Microsoft, Barnes & Noble to create eBook superstore

Microsoft Corporation's promise of easy-to-read eBooks is finally happening, as the company announced Wednesday two promising new developments. Microsoft unveiled the first pocket-sized eBook to use its ClearType technology at the Consumer Electronics Show (CES) 2000 in Las Vegas. The device features Microsoft Reader, with which an eBook display can, for the first time, approach and even surpass the quality of text on a printed page. Pocket PCs, which will be available in the first half of 2000 from a variety of manufacturers, are based on a new version of Windows CE, which has dropped the "CE" moniker. They feature a vastly simplified user interface that does away with a many of the Windows kludges that dogged earlier CE devices.

"With Reader software, consumers really will be able to carry a library in their pocket," said Dick Brass, vice president of Technology Development at Microsoft. "A typical Pocket PC will be able to store hundreds of books, from today's latest titles to long-revered literary classics."

But the announcement of new hardware would mean nothing without a compelling software library and Microsoft is teaming with bookseller Barnes & Noble to offer an "eBook superstore" on the B&N Web site that will make thousands of titles available to eBook users by mid-year.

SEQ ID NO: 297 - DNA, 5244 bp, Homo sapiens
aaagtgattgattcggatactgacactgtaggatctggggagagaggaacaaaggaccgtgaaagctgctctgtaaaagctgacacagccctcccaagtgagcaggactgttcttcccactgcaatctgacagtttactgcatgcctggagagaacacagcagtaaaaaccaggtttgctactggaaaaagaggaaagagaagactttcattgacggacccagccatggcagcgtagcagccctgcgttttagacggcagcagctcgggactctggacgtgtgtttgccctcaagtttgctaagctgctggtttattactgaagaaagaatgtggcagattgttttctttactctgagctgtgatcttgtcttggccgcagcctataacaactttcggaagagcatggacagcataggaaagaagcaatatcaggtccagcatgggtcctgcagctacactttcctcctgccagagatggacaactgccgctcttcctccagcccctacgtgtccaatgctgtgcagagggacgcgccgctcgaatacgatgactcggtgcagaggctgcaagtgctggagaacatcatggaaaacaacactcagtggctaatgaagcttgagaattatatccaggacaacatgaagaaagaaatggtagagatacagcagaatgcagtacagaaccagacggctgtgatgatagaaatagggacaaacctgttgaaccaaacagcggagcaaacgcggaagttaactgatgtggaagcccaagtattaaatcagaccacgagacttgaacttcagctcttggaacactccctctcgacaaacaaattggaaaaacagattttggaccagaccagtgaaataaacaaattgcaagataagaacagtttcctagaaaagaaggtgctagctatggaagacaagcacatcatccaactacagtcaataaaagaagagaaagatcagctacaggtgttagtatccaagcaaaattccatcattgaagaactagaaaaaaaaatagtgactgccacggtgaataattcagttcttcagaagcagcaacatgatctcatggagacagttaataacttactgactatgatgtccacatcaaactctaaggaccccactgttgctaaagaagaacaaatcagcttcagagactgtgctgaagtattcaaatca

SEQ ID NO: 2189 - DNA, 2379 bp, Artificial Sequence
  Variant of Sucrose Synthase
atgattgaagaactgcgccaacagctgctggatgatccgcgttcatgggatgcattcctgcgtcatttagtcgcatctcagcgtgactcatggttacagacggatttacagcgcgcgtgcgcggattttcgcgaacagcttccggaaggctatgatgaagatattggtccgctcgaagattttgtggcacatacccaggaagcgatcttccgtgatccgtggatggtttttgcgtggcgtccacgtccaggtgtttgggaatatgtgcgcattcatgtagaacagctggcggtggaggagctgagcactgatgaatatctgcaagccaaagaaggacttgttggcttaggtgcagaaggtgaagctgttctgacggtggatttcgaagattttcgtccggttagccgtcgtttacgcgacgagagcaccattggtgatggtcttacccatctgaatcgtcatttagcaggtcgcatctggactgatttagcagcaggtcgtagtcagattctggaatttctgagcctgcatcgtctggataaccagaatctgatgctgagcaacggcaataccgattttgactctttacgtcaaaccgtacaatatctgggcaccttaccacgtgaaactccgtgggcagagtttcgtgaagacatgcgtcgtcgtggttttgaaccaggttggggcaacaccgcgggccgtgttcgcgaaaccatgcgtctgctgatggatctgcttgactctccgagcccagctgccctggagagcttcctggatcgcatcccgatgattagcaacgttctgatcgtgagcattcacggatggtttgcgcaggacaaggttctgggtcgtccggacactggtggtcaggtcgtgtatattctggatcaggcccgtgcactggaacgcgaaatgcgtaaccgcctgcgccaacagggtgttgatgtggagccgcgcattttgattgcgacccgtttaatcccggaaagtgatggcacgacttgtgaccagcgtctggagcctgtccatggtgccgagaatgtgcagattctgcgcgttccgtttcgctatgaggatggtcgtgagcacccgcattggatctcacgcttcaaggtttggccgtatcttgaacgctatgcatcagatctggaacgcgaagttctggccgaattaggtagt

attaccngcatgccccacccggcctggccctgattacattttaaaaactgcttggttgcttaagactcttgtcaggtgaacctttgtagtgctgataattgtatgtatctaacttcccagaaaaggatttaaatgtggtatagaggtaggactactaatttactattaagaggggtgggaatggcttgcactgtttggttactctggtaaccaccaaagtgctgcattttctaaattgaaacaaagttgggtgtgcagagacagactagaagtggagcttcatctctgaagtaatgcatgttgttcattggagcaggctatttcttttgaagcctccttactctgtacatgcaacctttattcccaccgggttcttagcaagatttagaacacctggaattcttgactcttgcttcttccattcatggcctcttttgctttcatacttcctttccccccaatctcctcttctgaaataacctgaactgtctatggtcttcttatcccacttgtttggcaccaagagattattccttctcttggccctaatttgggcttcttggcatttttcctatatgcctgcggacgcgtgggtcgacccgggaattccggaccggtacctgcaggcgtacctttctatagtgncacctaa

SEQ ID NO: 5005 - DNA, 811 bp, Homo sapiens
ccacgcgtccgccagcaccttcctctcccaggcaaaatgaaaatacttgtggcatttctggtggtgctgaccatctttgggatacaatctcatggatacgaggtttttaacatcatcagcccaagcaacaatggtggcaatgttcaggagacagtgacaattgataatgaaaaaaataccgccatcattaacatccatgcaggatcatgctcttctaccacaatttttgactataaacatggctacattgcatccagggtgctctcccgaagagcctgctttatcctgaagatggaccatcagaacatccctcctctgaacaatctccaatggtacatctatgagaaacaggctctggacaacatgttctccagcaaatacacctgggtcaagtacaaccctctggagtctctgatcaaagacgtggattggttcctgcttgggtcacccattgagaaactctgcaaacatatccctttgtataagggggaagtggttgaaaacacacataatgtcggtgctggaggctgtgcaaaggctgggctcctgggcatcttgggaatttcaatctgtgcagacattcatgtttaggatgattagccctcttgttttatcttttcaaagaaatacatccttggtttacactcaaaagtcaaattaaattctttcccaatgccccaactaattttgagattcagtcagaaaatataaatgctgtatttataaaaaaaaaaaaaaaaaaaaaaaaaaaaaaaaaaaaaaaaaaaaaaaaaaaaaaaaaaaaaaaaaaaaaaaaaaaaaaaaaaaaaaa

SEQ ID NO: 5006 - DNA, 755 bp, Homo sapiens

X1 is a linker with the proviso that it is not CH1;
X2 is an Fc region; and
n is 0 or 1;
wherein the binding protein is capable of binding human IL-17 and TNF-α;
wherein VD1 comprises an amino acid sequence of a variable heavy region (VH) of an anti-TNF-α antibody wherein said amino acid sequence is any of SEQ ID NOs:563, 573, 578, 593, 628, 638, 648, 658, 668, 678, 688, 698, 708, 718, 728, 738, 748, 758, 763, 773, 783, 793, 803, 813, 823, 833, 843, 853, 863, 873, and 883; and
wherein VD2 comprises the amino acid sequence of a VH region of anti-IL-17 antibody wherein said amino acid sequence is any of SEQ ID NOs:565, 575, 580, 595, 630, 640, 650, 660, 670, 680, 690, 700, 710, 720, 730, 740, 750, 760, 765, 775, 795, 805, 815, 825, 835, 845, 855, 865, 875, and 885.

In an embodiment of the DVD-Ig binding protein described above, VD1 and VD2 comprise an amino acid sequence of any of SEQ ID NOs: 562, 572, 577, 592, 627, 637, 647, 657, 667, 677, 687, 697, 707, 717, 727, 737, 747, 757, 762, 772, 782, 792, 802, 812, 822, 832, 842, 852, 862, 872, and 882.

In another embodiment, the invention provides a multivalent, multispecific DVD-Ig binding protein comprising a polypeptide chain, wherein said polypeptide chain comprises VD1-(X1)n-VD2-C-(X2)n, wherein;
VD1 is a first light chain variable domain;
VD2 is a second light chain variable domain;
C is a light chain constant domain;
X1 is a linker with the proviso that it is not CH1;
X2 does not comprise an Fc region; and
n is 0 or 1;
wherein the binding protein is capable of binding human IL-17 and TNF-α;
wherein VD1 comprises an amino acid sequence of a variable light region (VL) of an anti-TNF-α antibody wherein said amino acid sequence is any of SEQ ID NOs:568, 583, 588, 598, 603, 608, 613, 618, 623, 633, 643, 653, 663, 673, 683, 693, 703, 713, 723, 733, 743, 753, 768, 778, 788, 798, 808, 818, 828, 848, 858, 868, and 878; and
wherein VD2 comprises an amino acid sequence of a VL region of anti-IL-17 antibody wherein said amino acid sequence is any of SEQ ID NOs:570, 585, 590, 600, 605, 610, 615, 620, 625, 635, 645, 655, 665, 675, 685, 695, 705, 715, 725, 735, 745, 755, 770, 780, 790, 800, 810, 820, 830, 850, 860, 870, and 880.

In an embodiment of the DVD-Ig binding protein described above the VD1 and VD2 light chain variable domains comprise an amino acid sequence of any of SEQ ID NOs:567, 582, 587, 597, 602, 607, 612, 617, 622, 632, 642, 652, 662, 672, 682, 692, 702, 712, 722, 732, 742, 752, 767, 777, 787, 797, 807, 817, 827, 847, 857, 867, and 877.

"We believe that portable electronic reading devices, and the wireless technology that allows the instant delivery of text to them, will further expand the marketplace for books and other content," said Steve Riggio, vice chairman of Barnes & Noble Inc. "The ability to easily download and carry thousands of pages of information anywhere at any time will appeal to readers of all kinds, from mobile professionals to students and vacationers."

Microsoft's ClearType technology, first unveiled over a year ago at Fall Comdex 1998, triples the resolution of LCD displays, offering an unparalleled way to read text and black and white graphics. Microsoft will offer its Reader software--the first to implement ClearType--for all versions of Windows sometime this year. So a Windows 2000 user with a laptop, for example, will be able to read eBooks without having a Pocket PC device

Hide comments


  • Allowed HTML tags: <em> <strong> <blockquote> <br> <p>

Plain text

  • No HTML tags allowed.
  • Web page addresses and e-mail addresses turn into links automatically.
  • Lines and paragraphs break automatically.